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A zippy rom-com with strong characterization, bursting with Gen Z–approved verbal sparring and stolen kisses.

Two Black British ex–best friends tumble into an unexpected romance in this YA debut by noted romance author Hibbert.

On paper, Bradley Graeme and Celine Bangura are complete opposites. Brad is a handsome soccer player who can charm anyone in a five-mile radius. Celine is a fiercely guarded perfectionist who runs a popular conspiracy theory TikTok channel. After a major falling out nearly four years ago, the two avoid each other at all costs. When Celine learns that her hero, human rights lawyer Katharine Breakspeare, is running a program offering three full scholarships for incoming university students, she knows she has to apply—even if it requires two wilderness survival expeditions in English and Scottish forests. She also wants to prove a point to her estranged father, whose corporate law firm is a sponsor. For his part, Brad is eager to win a scholarship that would mean he wouldn’t have to take out loans after all. As their final year of school progresses, the 17-year-olds are thrown together as they attempt to conquer the Breakspeare course. Along the way, they regain mutual trust, reignite their long-simmering feelings, and discover their authentic selves. The pair’s relationship sparkles with tender moments and vulnerable revelations, balancing swoonworthy infatuation with sincere empathy. Brad, who is bisexual and has obsessive-compulsive disorder, helps Celine finally process the pain of her dad’s abandonment. (This review has been updated for factual accuracy.)

A zippy rom-com with strong characterization, bursting with Gen Z–approved verbal sparring and stolen kisses. (author’s note, glossary) (Romance. 12-18)

Pub Date: Jan. 3, 2023

ISBN: 978-0-593-48233-9

Page Count: 336

Publisher: Joy Revolution

Review Posted Online: Sept. 27, 2022

Kirkus Reviews Issue: Oct. 15, 2022

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There’s not much plot here, but readers will relish the opportunity to climb inside Autumn’s head.

The finely drawn characters capture readers’ attention in this debut.

Autumn and Phineas, nicknamed Finny, were born a week apart; their mothers are still best friends. Growing up, Autumn and Finny were like peas in a pod despite their differences: Autumn is “quirky and odd,” while Finny is “sweet and shy and everyone like[s] him.” But in eighth grade, Autumn and Finny stop being friends due to an unexpected kiss. They drift apart and find new friends, but their friendship keeps asserting itself at parties, shared holiday gatherings and random encounters. In the summer after graduation, Autumn and Finny reconnect and are finally ready to be more than friends. But on August 8, everything changes, and Autumn has to rely on all her strength to move on. Autumn’s coming-of-age is sensitively chronicled, with a wide range of experiences and events shaping her character. Even secondary characters are well-rounded, with their own histories and motivations.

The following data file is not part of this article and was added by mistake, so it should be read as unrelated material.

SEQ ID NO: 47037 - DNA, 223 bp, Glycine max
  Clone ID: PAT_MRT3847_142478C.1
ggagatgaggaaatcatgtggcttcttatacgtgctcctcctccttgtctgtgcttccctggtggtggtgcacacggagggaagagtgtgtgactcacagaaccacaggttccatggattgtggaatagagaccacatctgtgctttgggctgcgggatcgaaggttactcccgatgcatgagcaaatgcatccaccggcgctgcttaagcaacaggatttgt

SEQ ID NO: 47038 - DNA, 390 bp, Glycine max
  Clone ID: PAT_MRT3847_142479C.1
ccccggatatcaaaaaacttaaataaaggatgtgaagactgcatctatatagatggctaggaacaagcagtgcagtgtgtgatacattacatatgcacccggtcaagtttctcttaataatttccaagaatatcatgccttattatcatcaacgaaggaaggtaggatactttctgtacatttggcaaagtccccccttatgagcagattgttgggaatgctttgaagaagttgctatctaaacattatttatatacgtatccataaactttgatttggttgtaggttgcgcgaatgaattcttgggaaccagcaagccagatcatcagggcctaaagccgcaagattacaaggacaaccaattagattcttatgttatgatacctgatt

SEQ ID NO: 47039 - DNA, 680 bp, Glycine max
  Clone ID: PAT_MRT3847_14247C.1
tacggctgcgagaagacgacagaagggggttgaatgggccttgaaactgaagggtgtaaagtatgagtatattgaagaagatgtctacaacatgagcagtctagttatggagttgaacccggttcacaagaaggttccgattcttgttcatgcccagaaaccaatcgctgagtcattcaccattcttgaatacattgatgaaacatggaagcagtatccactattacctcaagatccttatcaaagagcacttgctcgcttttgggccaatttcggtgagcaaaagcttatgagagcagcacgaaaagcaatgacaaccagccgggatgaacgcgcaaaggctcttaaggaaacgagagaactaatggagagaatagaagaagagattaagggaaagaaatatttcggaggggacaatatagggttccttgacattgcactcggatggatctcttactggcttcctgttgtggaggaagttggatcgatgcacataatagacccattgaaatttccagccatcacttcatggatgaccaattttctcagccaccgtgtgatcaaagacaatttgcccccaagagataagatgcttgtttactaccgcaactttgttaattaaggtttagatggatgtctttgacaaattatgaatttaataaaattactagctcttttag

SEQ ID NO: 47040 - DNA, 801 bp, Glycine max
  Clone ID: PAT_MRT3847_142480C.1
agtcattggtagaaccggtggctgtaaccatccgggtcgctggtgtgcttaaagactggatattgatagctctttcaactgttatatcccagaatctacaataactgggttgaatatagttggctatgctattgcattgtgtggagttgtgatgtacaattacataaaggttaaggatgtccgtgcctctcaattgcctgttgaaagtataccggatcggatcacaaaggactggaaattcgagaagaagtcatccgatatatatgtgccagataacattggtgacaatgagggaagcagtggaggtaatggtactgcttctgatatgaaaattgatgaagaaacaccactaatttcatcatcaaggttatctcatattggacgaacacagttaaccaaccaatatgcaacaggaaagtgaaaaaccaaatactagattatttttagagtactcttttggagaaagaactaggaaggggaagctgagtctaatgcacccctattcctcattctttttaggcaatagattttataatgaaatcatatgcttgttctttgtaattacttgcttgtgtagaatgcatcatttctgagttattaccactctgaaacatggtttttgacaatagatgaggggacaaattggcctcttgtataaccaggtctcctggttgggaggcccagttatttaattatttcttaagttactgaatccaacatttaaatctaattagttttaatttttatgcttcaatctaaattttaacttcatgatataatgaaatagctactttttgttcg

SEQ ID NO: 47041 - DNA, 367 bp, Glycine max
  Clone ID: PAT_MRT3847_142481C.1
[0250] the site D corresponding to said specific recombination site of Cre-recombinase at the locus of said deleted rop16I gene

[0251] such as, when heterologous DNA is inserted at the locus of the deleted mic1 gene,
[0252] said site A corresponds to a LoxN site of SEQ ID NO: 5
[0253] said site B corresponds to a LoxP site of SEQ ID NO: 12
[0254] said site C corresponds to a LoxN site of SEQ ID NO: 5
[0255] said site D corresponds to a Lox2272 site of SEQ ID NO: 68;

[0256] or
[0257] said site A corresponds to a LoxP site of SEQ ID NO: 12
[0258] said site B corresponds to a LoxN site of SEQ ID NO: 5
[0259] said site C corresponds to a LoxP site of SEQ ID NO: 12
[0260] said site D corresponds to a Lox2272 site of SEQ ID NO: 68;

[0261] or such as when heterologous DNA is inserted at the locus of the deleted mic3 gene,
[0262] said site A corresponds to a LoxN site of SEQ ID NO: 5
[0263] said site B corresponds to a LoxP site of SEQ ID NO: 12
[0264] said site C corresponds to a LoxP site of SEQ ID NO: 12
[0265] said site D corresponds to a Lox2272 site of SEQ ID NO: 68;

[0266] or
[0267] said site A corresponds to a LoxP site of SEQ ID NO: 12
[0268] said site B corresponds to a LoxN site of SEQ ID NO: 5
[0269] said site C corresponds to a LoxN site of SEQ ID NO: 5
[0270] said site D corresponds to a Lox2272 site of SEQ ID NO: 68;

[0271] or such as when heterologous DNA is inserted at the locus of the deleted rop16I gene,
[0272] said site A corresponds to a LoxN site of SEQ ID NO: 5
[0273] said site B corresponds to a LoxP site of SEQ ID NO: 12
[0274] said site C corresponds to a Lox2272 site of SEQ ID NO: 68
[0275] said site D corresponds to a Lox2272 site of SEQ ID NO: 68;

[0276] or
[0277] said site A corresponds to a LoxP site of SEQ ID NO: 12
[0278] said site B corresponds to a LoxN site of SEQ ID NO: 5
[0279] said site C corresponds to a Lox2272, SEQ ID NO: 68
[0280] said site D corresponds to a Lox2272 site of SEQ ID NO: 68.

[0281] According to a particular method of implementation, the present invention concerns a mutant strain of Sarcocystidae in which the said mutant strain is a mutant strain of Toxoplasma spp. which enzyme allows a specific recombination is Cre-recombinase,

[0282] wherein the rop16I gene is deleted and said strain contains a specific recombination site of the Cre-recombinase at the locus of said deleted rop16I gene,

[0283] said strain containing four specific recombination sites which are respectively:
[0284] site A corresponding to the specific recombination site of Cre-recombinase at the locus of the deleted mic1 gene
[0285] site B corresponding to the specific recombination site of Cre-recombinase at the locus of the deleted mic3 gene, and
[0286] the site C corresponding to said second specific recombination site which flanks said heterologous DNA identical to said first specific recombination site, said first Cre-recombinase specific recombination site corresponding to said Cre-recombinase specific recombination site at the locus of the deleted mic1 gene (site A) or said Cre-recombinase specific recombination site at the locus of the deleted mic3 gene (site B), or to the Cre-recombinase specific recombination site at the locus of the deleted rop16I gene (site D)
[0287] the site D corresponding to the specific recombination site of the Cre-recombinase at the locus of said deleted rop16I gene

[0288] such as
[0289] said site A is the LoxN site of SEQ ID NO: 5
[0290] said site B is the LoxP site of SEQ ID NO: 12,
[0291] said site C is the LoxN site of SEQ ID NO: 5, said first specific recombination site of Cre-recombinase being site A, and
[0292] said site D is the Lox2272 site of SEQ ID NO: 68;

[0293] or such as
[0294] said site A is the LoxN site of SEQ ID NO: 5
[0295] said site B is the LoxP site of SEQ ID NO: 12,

There’s not much plot here, but readers will relish the opportunity to climb inside Autumn’s head.   (Fiction. 14 & up)

Pub Date: April 1, 2013

ISBN: 978-1-4022-7782-5

Page Count: 336

Publisher: Sourcebooks Fire

Review Posted Online: Feb. 12, 2013

Kirkus Reviews Issue: March 1, 2013

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From the Powerless Trilogy series , Vol. 1

A lackluster and sometimes disturbing mishmash of overused tropes.

The Plague has left a population divided between Elites and Ordinaries—those who have powers and those who don’t; now, an Ordinary teen fights for her life.

Paedyn Gray witnessed the king kill her father five years ago, and she’s been thieving and sleeping rough ever since, all while faking Psychic abilities. When she inadvertently saves the life of Prince Kai, she becomes embroiled in the Purging Trials, a competition to commemorate the sickness that killed most of the kingdom’s Ordinaries. Kai’s duties as the future Enforcer include eradicating any remaining Ordinaries, and these Trials are his chance to prove that he’s internalized his brutal training. But Kai can’t help but find Pae’s blue eyes, silver hair, and unabashed attitude enchanting. She likewise struggles to resist his stormy gray eyes, dark hair, and rakish behavior, even as they’re pitted against each other in the Trials and by the king himself. Scenes and concepts that are strongly reminiscent of the Hunger Games fall flat: They aren’t bolstered by the original’s heart or worldbuilding logic that would have justified a few extreme story elements. Illogical leaps and inconsistent characterizations abound, with lighthearted romantic interludes juxtaposed against genocide, child abuse, and sadism. These elements, which are not sufficiently addressed, combined with the use of ableist language, cannot be erased by any amount of romantic banter. Main characters are cued white; the supporting cast has some brown-skinned characters.

A lackluster and sometimes disturbing mishmash of overused tropes. (map) (Fantasy. 14-18)

Pub Date: Nov. 7, 2023

ISBN: 9798987380406

Page Count: 538

Publisher: Simon & Schuster

Review Posted Online: Sept. 9, 2023

Kirkus Reviews Issue: Oct. 1, 2023

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